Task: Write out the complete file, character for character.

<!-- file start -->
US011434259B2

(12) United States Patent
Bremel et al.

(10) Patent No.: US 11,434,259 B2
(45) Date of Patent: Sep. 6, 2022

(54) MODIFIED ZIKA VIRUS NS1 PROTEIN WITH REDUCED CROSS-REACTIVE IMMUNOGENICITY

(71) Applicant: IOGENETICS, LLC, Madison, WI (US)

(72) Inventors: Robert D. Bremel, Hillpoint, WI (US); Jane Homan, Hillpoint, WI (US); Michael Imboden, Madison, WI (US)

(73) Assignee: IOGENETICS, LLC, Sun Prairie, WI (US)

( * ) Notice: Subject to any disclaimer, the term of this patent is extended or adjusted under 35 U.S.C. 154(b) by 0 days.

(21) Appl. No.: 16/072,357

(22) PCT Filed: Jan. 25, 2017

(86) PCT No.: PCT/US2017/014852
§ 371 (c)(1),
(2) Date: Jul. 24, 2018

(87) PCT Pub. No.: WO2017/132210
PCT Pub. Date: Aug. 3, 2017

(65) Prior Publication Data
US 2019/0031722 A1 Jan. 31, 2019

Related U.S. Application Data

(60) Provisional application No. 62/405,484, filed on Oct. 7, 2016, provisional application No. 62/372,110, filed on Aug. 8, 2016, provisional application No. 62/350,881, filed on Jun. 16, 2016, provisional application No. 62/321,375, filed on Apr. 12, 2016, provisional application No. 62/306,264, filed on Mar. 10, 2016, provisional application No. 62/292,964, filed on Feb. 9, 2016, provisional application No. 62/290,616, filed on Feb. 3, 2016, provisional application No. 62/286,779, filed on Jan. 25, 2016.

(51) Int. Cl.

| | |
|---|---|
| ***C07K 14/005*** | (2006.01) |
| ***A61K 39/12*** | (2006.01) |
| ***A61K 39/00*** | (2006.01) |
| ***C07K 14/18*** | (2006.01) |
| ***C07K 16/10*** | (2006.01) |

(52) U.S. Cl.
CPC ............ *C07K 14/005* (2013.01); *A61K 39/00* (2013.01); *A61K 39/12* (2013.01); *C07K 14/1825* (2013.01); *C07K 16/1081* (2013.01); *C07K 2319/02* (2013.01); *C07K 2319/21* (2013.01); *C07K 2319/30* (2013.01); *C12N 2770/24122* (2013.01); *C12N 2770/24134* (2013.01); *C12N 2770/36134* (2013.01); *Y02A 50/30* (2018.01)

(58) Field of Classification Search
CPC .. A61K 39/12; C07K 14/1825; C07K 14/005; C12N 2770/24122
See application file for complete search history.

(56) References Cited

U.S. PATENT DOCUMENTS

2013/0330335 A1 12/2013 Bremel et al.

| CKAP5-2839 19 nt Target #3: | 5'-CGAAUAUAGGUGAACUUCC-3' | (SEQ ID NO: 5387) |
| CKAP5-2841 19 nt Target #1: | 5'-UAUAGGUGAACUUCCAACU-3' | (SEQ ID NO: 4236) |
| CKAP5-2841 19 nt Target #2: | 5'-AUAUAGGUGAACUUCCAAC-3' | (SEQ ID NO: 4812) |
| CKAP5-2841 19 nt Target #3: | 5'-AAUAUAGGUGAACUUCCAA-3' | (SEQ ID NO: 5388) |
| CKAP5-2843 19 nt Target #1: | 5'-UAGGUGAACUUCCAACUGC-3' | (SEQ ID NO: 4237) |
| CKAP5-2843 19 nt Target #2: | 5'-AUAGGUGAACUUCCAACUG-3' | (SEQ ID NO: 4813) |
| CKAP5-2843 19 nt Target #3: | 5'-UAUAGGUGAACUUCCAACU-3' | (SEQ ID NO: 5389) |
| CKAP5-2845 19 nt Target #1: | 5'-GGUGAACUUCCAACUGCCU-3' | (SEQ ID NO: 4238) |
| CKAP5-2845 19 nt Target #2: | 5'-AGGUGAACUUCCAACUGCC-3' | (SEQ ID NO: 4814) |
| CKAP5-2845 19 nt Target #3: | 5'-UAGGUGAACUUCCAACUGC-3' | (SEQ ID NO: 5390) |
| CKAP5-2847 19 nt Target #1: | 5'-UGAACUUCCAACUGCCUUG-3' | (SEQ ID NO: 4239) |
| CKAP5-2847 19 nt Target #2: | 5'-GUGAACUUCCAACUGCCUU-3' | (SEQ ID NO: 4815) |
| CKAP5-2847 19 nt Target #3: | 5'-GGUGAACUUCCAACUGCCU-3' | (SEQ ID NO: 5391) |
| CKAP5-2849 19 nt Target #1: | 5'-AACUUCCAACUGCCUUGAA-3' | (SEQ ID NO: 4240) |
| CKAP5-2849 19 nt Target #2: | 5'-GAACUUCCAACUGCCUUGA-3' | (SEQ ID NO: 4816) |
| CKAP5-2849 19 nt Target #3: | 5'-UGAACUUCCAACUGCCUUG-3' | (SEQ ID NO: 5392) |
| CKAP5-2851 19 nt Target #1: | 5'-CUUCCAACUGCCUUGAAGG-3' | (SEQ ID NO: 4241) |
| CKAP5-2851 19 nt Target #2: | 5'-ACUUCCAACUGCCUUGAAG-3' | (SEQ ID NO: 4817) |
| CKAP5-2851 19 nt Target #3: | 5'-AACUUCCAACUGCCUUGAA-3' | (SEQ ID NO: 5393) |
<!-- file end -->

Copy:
US011434259B2

(12) United States Patent
Bremel et al.

(10) Patent No.: US 11,434,259 B2
(45) Date of Patent: Sep. 6, 2022

(54) MODIFIED ZIKA VIRUS NS1 PROTEIN WITH REDUCED CROSS-REACTIVE IMMUNOGENICITY

(71) Applicant: IOGENETICS, LLC, Madison, WI (US)

(72) Inventors: Robert D. Bremel, Hillpoint, WI (US); Jane Homan, Hillpoint, WI (US); Michael Imboden, Madison, WI (US)

(73) Assignee: IOGENETICS, LLC, Sun Prairie, WI (US)

( * ) Notice: Subject to any disclaimer, the term of this patent is extended or adjusted under 35 U.S.C. 154(b) by 0 days.

(21) Appl. No.: 16/072,357

(22) PCT Filed: Jan. 25, 2017

(86) PCT No.: PCT/US2017/014852
§ 371 (c)(1),
(2) Date: Jul. 24, 2018

(87) PCT Pub. No.: WO2017/132210
PCT Pub. Date: Aug. 3, 2017

(65) Prior Publication Data
US 2019/0031722 A1 Jan. 31, 2019

Related U.S. Application Data

(60) Provisional application No. 62/405,484, filed on Oct. 7, 2016, provisional application No. 62/372,110, filed on Aug. 8, 2016, provisional application No. 62/350,881, filed on Jun. 16, 2016, provisional application No. 62/321,375, filed on Apr. 12, 2016, provisional application No. 62/306,264, filed on Mar. 10, 2016, provisional application No. 62/292,964, filed on Feb. 9, 2016, provisional application No. 62/290,616, filed on Feb. 3, 2016, provisional application No. 62/286,779, filed on Jan. 25, 2016.

(51) Int. Cl.

| | |
|---|---|
| ***C07K 14/005*** | (2006.01) |
| ***A61K 39/12*** | (2006.01) |
| ***A61K 39/00*** | (2006.01) |
| ***C07K 14/18*** | (2006.01) |
| ***C07K 16/10*** | (2006.01) |

(52) U.S. Cl.
CPC ............ *C07K 14/005* (2013.01); *A61K 39/00* (2013.01); *A61K 39/12* (2013.01); *C07K 14/1825* (2013.01); *C07K 16/1081* (2013.01); *C07K 2319/02* (2013.01); *C07K 2319/21* (2013.01); *C07K 2319/30* (2013.01); *C12N 2770/24122* (2013.01); *C12N 2770/24134* (2013.01); *C12N 2770/36134* (2013.01); *Y02A 50/30* (2018.01)

(58) Field of Classification Search
CPC .. A61K 39/12; C07K 14/1825; C07K 14/005; C12N 2770/24122
See application file for complete search history.

(56) References Cited

U.S. PATENT DOCUMENTS

2013/0330335 A1 12/2013 Bremel et al.

| CKAP5-2839 19 nt Target #3: | 5'-CGAAUAUAGGUGAACUUCC-3' | (SEQ ID NO: 5387) |
| CKAP5-2841 19 nt Target #1: | 5'-UAUAGGUGAACUUCCAACU-3' | (SEQ ID NO: 4236) |
| CKAP5-2841 19 nt Target #2: | 5'-AUAUAGGUGAACUUCCAAC-3' | (SEQ ID NO: 4812) |
| CKAP5-2841 19 nt Target #3: | 5'-AAUAUAGGUGAACUUCCAA-3' | (SEQ ID NO: 5388) |
| CKAP5-2843 19 nt Target #1: | 5'-UAGGUGAACUUCCAACUGC-3' | (SEQ ID NO: 4237) |
| CKAP5-2843 19 nt Target #2: | 5'-AUAGGUGAACUUCCAACUG-3' | (SEQ ID NO: 4813) |
| CKAP5-2843 19 nt Target #3: | 5'-UAUAGGUGAACUUCCAACU-3' | (SEQ ID NO: 5389) |
| CKAP5-2845 19 nt Target #1: | 5'-GGUGAACUUCCAACUGCCU-3' | (SEQ ID NO: 4238) |
| CKAP5-2845 19 nt Target #2: | 5'-AGGUGAACUUCCAACUGCC-3' | (SEQ ID NO: 4814) |
| CKAP5-2845 19 nt Target #3: | 5'-UAGGUGAACUUCCAACUGC-3' | (SEQ ID NO: 5390) |
| CKAP5-2847 19 nt Target #1: | 5'-UGAACUUCCAACUGCCUUG-3' | (SEQ ID NO: 4239) |
| CKAP5-2847 19 nt Target #2: | 5'-GUGAACUUCCAACUGCCUU-3' | (SEQ ID NO: 4815) |
| CKAP5-2847 19 nt Target #3: | 5'-GGUGAACUUCCAACUGCCU-3' | (SEQ ID NO: 5391) |
| CKAP5-2849 19 nt Target #1: | 5'-AACUUCCAACUGCCUUGAA-3' | (SEQ ID NO: 4240) |
| CKAP5-2849 19 nt Target #2: | 5'-GAACUUCCAACUGCCUUGA-3' | (SEQ ID NO: 4816) |
| CKAP5-2849 19 nt Target #3: | 5'-UGAACUUCCAACUGCCUUG-3' | (SEQ ID NO: 5392) |
| CKAP5-2851 19 nt Target #1: | 5'-CUUCCAACUGCCUUGAAGG-3' | (SEQ ID NO: 4241) |
| CKAP5-2851 19 nt Target #2: | 5'-ACUUCCAACUGCCUUGAAG-3' | (SEQ ID NO: 4817) |
| CKAP5-2851 19 nt Target #3: | 5'-AACUUCCAACUGCCUUGAA-3' | (SEQ ID NO: 5393) |